What is cuts on the hand?

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Cuts on the hand closed with stitches in children: Overview

A cut on your child's hand can be on the fingers, the thumb, or the front or back of the hand. Sometimes a cut can injure the tendons, blood vessels, or nerves of your child's hand.

The doctor used stitches to close the cut. Using stitches also helps the cut heal and reduces scarring. The doctor may have given your child a splint to help prevent moving the hand, fingers, or thumb.

If the cut went deep and through the skin, the doctor may have put in two layers of stitches. The deeper layer brings the deep part of the cut together. These stitches will dissolve and don't need to be removed. The stitches in the upper layer are the ones you see on the cut.

Your child will probably have a bandage.

Your child will need to have the stitches removed, usually in 7 to 14 days. The doctor may suggest that your child see a hand specialist if the cut is very deep or if your child has trouble moving the fingers or has less feeling in the hand.

The doctor has checked your child carefully, but problems can develop later. If you notice any problems or new symptoms, get medical treatment right away.

How can you care for cuts on your hand closed with stitches?

  • Keep the cut dry for the first 24 to 48 hours. After this, you can shower if your doctor okays it. Pat the cut dry.
  • Don't soak the cut, such as in a bathtub. Your doctor will tell you when it's safe to get the cut wet.
  • If your doctor told you how to care for your cut, follow your doctor's instructions. If you did not get instructions, follow this general advice:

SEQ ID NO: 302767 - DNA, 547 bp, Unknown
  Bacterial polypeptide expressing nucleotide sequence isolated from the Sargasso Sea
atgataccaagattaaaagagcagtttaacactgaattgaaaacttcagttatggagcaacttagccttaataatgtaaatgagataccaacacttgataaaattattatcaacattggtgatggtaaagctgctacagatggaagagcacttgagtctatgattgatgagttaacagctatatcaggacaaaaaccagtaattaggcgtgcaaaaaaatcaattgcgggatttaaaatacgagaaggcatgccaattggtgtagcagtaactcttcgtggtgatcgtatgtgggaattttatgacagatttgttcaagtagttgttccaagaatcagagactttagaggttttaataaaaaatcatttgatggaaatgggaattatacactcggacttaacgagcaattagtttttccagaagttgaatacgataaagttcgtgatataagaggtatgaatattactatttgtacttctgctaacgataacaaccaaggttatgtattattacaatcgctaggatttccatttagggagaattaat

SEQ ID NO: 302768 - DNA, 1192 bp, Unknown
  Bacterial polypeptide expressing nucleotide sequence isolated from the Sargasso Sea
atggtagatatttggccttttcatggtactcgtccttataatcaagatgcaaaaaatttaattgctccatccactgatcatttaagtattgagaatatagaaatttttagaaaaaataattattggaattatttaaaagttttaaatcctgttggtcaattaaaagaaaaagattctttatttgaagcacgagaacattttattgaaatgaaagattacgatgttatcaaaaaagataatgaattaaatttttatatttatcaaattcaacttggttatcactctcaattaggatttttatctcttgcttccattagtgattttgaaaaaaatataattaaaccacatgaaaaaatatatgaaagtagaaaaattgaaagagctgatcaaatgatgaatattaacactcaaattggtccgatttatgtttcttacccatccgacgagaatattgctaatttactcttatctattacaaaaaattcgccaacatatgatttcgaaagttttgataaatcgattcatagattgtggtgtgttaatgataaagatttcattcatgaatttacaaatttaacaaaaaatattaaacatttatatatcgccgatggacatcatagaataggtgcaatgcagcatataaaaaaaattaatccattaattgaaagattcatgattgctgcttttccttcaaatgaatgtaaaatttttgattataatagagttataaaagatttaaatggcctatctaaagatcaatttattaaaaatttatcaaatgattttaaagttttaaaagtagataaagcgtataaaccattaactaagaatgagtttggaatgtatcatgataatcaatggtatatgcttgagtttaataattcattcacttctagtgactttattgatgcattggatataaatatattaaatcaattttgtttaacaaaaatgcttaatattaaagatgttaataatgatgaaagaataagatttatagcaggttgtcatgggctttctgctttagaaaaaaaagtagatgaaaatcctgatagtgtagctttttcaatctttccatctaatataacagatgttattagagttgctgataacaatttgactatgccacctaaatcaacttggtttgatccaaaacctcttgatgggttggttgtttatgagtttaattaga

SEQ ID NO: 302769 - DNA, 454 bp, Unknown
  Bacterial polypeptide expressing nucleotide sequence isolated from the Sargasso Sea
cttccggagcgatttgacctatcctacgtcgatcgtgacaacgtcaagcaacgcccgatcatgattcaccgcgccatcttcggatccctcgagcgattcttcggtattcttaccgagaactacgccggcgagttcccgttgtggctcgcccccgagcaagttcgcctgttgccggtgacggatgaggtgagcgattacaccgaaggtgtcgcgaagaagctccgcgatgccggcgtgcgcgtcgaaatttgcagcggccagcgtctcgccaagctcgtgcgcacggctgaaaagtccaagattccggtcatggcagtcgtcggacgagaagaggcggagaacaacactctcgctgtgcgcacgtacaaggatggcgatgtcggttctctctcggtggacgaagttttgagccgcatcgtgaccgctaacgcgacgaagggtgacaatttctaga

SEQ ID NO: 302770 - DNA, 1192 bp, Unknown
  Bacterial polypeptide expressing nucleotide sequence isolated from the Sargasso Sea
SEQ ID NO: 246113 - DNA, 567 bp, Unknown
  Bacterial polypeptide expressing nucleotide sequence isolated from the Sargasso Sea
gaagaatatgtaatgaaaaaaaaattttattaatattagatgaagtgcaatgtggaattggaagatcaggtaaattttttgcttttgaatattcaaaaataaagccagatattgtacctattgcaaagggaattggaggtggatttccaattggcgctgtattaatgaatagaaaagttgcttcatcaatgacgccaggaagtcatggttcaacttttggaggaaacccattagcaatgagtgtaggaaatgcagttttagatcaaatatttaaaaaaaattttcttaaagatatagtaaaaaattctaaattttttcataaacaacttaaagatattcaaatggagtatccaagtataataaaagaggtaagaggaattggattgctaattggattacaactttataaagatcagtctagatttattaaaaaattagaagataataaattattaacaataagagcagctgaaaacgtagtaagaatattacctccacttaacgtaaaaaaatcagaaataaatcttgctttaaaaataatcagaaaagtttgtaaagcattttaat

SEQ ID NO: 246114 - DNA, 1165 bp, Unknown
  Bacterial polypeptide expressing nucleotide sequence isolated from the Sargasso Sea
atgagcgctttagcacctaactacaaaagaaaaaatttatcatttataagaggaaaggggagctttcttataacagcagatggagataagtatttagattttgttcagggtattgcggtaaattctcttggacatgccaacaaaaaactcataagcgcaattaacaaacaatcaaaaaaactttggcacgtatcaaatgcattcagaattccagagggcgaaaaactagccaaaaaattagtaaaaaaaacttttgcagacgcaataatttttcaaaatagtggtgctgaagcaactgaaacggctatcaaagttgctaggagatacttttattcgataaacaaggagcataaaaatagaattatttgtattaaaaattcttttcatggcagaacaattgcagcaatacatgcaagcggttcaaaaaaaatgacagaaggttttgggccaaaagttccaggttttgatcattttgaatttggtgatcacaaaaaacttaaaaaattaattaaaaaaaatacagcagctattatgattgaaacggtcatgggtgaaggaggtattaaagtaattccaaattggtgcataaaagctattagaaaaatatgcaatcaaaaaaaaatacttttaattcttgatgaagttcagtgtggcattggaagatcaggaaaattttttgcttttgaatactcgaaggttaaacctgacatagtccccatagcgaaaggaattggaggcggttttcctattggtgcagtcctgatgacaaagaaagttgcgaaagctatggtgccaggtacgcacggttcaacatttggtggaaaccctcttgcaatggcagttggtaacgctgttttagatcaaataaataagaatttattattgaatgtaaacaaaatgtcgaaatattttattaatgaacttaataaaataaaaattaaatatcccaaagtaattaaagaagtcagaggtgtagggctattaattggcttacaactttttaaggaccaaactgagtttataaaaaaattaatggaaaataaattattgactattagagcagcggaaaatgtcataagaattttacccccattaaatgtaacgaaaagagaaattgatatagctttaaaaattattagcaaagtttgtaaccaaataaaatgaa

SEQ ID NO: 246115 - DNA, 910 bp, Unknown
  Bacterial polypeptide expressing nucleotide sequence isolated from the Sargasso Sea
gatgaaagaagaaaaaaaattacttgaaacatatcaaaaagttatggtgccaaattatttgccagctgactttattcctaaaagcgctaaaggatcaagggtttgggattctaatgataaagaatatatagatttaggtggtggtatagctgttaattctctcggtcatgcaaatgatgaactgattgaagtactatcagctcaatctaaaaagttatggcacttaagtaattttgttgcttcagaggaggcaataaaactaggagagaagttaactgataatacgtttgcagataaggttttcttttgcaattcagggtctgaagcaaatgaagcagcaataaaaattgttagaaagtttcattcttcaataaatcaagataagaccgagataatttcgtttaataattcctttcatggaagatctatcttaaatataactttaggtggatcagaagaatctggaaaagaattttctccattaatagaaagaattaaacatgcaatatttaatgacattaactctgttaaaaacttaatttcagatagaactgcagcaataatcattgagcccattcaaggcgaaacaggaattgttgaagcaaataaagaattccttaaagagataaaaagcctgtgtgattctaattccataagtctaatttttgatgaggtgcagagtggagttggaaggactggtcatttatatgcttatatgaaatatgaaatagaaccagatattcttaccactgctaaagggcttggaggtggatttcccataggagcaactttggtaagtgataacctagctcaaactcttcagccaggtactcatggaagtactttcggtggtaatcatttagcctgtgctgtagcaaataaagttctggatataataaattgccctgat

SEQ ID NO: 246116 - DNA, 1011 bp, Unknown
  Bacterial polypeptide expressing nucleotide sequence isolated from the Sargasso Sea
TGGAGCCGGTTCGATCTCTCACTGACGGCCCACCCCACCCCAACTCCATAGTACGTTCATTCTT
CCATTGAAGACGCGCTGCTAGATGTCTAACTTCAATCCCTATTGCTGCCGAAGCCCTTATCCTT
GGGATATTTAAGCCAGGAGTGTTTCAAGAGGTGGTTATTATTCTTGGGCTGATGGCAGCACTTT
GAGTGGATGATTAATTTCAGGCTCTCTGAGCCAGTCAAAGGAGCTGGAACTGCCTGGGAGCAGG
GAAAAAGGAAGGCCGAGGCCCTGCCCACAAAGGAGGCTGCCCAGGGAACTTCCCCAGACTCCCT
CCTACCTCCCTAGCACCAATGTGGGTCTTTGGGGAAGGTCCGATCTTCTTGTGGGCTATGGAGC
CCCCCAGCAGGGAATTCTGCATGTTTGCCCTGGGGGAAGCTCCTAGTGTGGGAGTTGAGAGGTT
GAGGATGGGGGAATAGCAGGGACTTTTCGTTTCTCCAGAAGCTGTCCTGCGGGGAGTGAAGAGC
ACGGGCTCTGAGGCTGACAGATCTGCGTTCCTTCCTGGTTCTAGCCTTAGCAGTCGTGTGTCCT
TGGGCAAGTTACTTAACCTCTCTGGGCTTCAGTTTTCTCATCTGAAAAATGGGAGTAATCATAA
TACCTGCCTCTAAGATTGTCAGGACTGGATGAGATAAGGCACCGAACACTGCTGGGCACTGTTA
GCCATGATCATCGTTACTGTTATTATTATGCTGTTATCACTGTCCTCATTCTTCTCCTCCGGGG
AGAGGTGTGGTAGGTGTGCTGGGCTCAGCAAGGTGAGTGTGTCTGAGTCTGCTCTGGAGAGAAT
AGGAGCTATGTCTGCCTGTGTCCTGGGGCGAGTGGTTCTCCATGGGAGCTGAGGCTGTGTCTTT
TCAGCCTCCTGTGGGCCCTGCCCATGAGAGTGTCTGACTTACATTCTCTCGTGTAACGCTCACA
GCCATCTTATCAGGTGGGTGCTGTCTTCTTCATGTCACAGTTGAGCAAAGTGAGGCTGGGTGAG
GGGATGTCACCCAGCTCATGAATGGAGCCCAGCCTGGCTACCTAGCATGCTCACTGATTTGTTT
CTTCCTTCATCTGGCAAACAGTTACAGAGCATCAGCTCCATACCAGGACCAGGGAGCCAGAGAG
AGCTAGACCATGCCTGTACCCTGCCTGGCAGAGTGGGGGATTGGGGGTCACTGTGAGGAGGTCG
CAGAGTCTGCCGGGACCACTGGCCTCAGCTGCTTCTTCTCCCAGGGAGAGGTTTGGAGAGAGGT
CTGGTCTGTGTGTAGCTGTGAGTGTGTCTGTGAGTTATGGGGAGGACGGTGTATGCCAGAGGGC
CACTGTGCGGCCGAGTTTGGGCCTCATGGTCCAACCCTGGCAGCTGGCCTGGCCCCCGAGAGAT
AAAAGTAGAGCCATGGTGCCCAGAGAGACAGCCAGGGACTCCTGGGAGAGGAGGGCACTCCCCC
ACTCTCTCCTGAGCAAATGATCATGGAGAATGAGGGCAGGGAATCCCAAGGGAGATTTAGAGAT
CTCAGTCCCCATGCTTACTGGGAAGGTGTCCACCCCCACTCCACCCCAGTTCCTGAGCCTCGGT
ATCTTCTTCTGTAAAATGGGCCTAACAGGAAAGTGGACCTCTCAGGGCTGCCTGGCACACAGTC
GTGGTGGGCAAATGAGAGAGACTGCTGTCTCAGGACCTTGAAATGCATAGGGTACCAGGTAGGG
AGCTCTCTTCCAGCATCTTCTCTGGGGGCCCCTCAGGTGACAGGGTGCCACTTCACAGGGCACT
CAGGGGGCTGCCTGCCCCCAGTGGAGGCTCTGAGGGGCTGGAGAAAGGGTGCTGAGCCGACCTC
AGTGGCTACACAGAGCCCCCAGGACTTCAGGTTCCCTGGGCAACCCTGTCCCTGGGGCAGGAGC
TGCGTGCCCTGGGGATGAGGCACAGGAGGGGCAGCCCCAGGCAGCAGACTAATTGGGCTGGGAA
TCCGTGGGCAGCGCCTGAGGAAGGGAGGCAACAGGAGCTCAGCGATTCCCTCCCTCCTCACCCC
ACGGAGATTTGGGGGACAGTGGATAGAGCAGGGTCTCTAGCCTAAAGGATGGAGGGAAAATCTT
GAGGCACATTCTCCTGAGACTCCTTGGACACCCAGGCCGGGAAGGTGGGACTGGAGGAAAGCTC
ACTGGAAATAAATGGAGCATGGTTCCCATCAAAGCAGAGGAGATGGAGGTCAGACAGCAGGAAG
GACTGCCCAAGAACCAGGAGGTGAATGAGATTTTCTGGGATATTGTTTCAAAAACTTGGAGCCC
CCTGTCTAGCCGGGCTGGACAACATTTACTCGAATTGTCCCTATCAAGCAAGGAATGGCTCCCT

• After the first 24 to 48 hours, wash around the cut with clean water 2 times a day. Don't use hydrogen peroxide or alcohol, which can slow healing.
    • You may cover the cut with a thin layer of petroleum jelly, such as Vaseline, and a nonstick bandage.
    • Apply more petroleum jelly and replace the bandage as needed.
  • Prop up the sore hand on a pillow anytime you sit or lie down during the next 3 days. Try to keep it above the level of your heart. This will help reduce swelling.
  • Avoid any activity that could cause your cut to reopen.
  • Do not remove the stitches on your own. Your doctor will tell you when to come back to have the stitches removed.
  • Be safe with medicines. Take pain medicines exactly as directed.
    • If the doctor gave you a prescription medicine for pain, take it as prescribed.
    • If you are not taking a prescription pain medicine, ask your doctor if you can take an over-the-counter medicine.

Cuts on a child's hand closed with stitches: When to call

Call your doctor now or seek immediate medical care if:

  • Your child has new pain, or the pain gets worse.
  • The skin near the cut is cold or pale or changes color.
  • Your child has tingling, weakness, or numbness near the cut.
  • The cut starts to bleed, and blood soaks through the bandage. Oozing small amounts of blood is normal.
  • Your child has trouble moving the area of the hand near the cut.
  • Your child has symptoms of infection, such as:
    • Increased pain, swelling, warmth, or redness around the cut.
    • Red streaks leading from the cut.
    • Pus draining from the cut.
    • A fever.

Watch closely for changes in your child's health, and be sure to contact your doctor if:

  • Your child does not get better as expected.

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The content above contains general health information provided by Healthwise, Incorporated, and reviewed by its medical experts. This content should not replace the advice of your healthcare provider. Not all treatments or services described are offered as services by us. For recommended treatments, please consult your healthcare provider.